Most people think of disruptors as individuals – perhaps as entrepreneurs coming up with innovations that change the way we do something. But I think if you’re looking for the next disruptor, don’t necessarily watch for an individual. Instead, pay attention to macroeconomics.
There are two distinguished theories in the field of macroeconomics. One is Keynesian. The other is Joseph Schumpeter’s innovation theory. I think many people in Silicon Valley are applying his innovation theory, which states the only way an economy can grow is by innovation. Schumpeter defined innovation as new connections. So for example when the Internet was deployed in retail, a new connection between the retail industry and the technology industry was made.
Schumpeter’s theory holds that supply and demand are basically consistent. Human beings only have 24 hours per day and the level of natural resources is limited. So the only way for the economy to grow is through the innovation by creating new products, services, demands and improving efficiency. Growth comes from new connections.
We are seeing more of this today:
FinTech – or financial technology – is connecting the Internet and the world of finance. This innovative, new connection we are creating is pushing economic growth.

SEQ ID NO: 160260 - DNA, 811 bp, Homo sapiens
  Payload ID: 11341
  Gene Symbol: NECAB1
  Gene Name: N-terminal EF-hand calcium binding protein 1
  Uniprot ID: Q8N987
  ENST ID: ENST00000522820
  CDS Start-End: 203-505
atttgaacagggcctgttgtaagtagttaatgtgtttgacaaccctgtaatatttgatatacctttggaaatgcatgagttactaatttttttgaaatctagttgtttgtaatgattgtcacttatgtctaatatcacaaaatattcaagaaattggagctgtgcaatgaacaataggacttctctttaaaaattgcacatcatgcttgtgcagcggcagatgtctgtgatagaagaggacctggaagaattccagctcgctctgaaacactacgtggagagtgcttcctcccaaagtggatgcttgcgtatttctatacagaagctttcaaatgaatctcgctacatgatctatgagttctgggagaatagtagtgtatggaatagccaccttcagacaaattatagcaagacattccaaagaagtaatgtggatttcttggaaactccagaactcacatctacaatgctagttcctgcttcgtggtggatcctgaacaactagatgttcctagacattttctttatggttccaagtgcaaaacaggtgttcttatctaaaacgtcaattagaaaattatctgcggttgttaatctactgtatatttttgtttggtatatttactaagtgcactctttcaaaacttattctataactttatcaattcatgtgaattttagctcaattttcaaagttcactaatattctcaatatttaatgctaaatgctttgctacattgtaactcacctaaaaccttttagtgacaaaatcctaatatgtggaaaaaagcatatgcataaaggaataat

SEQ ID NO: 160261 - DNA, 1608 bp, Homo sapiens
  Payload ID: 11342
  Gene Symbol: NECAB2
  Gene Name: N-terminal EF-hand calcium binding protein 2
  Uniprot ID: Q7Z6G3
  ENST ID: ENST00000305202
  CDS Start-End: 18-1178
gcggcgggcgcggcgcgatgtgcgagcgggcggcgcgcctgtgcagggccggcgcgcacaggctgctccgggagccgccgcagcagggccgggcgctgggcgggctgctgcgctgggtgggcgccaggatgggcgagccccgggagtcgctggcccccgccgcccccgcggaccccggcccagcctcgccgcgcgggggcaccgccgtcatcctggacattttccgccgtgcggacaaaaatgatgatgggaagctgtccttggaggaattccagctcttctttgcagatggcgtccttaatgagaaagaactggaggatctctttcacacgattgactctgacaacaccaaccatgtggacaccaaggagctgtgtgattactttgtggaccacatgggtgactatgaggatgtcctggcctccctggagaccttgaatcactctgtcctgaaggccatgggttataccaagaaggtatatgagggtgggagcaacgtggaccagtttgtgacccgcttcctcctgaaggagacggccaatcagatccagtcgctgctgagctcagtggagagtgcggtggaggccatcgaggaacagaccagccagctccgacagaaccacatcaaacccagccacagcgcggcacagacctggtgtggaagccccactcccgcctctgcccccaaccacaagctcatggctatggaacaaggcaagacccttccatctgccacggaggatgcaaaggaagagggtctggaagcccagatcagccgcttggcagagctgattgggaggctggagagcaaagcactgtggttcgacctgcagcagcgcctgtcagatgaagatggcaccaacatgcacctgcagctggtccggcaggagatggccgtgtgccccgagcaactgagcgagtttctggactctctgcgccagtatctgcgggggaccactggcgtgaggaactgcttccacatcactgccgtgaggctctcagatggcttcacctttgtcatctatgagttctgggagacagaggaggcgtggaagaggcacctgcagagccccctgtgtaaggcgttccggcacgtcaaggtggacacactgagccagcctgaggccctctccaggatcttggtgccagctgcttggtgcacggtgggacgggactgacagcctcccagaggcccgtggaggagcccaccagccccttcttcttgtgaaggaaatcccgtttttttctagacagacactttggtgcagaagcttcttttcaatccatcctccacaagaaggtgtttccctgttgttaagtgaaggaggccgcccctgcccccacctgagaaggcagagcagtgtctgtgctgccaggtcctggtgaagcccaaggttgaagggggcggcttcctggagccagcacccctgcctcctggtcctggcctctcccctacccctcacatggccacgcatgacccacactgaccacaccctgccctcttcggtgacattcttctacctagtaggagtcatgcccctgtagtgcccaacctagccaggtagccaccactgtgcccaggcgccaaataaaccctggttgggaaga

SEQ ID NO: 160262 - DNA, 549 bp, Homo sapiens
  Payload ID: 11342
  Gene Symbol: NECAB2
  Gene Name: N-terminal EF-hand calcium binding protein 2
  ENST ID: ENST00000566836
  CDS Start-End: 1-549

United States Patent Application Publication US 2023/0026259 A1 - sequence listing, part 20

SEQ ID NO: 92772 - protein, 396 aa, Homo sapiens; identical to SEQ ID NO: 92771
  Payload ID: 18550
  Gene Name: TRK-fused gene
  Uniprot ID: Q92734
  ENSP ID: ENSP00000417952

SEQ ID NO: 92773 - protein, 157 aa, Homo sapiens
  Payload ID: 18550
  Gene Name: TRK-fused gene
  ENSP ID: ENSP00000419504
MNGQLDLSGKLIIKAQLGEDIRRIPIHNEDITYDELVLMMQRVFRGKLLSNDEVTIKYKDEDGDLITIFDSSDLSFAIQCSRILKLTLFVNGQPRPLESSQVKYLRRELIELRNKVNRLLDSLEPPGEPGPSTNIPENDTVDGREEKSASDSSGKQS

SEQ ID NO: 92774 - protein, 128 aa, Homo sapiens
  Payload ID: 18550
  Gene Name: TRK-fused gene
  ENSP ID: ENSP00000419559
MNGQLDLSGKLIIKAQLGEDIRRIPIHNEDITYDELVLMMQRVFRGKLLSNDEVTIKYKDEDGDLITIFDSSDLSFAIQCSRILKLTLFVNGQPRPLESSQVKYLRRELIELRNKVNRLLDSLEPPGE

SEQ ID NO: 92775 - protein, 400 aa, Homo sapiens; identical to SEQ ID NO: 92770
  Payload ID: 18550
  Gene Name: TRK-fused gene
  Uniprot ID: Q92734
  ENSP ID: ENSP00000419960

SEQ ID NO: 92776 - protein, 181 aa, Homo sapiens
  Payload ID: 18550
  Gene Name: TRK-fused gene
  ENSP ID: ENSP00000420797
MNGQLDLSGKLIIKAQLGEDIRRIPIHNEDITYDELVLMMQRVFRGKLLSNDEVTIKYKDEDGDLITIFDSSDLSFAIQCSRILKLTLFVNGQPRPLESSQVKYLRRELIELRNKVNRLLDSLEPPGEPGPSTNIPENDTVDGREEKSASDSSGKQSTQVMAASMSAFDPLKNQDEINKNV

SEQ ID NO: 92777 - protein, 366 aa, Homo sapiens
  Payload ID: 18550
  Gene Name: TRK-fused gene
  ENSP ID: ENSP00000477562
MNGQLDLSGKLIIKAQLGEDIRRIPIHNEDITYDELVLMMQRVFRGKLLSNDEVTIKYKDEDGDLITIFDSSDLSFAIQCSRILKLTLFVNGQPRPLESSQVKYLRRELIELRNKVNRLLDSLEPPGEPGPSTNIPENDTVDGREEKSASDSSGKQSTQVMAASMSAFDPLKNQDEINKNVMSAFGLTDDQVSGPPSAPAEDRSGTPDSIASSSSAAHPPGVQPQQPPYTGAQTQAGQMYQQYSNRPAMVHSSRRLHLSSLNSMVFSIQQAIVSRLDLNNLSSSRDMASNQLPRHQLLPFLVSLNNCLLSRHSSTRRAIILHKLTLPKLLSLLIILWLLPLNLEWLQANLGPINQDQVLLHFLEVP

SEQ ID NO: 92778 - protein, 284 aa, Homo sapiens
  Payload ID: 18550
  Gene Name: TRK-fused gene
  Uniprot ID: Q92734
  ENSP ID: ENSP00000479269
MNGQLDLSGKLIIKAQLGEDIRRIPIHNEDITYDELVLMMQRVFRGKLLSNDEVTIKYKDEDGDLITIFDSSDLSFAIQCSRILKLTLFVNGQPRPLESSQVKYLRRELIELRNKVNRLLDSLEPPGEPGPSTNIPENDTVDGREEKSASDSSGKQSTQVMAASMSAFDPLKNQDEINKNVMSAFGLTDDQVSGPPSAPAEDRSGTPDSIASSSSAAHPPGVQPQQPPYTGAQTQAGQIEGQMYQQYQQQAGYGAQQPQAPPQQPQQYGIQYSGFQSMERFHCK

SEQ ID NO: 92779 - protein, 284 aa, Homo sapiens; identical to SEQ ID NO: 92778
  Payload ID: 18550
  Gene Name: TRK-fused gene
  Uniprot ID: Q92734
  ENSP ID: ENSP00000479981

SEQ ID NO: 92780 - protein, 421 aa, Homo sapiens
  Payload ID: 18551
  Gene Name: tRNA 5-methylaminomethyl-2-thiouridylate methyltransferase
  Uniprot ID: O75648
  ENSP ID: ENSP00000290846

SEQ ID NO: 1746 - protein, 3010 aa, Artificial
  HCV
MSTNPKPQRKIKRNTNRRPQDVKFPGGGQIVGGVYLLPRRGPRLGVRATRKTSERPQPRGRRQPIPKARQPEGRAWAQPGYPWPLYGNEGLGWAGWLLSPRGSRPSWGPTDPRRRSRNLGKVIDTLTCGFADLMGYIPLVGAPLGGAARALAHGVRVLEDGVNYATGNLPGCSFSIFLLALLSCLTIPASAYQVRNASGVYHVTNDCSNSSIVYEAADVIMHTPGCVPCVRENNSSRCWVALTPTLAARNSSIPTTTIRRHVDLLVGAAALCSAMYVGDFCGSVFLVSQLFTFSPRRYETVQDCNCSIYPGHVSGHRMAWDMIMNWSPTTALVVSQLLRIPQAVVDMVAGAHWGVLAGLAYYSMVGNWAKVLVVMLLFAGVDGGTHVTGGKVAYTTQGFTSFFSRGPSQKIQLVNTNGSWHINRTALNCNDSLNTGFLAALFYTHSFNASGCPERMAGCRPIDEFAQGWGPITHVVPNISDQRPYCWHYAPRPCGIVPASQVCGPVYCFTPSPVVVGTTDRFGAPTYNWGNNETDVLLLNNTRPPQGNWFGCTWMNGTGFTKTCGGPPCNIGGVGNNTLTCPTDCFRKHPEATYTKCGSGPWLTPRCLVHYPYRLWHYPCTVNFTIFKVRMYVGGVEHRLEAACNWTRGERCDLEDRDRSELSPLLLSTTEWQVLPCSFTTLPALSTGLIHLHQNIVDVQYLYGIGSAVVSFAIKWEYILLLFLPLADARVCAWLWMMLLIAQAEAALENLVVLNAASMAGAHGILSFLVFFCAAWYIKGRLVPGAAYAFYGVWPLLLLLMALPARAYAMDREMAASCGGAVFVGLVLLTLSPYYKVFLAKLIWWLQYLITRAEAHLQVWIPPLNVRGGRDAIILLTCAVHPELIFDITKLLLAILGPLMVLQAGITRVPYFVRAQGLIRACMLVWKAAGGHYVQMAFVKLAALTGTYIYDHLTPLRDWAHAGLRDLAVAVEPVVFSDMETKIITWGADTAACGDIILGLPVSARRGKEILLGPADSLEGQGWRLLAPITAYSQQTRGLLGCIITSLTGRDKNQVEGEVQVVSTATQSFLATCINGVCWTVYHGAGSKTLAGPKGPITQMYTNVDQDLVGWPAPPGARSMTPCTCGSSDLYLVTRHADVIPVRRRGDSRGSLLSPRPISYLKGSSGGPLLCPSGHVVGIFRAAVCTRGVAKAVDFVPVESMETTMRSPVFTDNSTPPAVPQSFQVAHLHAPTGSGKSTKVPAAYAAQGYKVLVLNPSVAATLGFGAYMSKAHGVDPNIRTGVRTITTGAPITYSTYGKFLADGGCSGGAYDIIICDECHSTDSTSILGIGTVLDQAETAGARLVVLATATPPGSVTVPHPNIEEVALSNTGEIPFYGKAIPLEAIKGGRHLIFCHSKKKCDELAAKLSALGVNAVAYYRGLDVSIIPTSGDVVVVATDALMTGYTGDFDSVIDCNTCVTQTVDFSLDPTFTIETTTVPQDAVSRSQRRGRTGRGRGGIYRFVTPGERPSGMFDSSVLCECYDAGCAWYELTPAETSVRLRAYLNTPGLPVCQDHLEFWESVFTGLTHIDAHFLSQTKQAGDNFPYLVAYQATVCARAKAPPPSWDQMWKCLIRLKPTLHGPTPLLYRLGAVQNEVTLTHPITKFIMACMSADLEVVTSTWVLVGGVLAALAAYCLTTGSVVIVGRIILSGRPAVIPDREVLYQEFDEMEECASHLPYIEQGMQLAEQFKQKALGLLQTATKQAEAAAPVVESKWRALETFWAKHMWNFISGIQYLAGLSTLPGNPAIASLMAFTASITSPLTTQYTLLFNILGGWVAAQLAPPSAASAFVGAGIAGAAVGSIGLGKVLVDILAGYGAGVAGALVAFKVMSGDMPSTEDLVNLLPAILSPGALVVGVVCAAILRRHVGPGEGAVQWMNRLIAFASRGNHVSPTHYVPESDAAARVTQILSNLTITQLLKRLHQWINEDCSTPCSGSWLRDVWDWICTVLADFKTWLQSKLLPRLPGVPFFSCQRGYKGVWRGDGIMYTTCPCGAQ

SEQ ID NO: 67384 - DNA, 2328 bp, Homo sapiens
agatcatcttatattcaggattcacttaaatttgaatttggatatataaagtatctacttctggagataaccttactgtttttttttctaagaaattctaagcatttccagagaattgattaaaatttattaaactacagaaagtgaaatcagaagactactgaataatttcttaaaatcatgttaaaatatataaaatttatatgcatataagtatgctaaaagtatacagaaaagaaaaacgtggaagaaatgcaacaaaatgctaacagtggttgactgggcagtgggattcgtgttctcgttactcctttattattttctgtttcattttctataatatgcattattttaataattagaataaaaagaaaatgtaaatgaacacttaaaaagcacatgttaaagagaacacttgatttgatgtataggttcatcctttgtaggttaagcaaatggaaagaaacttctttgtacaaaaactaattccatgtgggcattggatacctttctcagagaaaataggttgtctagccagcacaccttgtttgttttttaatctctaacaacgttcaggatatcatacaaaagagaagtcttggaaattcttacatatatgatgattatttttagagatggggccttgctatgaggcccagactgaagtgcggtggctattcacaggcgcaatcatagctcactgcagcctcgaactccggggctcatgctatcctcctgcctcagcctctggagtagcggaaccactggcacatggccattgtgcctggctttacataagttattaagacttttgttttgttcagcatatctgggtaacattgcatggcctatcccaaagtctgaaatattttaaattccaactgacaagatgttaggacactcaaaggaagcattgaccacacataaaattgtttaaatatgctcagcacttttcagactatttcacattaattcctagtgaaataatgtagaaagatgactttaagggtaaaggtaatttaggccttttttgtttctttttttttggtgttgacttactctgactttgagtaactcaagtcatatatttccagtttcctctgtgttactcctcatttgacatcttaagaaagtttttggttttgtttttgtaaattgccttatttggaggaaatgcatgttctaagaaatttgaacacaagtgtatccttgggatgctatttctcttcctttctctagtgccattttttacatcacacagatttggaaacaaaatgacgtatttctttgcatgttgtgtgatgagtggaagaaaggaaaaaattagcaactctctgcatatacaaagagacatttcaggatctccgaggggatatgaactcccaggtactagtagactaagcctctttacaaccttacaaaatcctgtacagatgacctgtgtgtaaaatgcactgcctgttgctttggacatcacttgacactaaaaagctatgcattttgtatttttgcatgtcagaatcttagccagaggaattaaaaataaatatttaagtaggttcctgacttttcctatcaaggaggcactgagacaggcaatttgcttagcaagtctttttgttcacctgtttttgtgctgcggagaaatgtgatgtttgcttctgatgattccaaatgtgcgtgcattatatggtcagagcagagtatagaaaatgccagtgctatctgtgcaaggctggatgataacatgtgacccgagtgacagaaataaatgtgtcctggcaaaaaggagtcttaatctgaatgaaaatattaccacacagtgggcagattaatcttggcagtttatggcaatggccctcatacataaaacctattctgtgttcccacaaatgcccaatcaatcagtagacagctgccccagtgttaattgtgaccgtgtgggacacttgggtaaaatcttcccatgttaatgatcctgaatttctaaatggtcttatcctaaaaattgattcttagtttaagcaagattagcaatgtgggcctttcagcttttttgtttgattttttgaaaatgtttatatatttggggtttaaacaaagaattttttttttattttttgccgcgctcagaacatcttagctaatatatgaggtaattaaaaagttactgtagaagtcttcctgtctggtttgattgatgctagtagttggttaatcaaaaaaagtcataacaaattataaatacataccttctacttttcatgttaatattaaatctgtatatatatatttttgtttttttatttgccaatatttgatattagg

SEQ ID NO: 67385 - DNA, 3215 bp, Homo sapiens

AI – or artificial intelligence – and deep learning are connecting people to the Internet ecosystems in new and exciting ways. At Rakuten, our merchants are seeing sales conversion rates grow by 3x or 4x by use of data intelligence.
Autonomous vehicles – or driverless cars – are changing our relationship with transportation. Great companies like Lyft are partnering with GM to redefine car ownership by building fleets of autonomous vehicles and national rental hubs for Lyft drivers to access short-term vehicles.
We are always pushing ourselves to innovate and create new connections. This is the process by which our company will grow and we believe, the global economy will grow.
Looking for the new disruptor? Look for people who think innovation is the key to economic growth. That’s where disruption will take hold.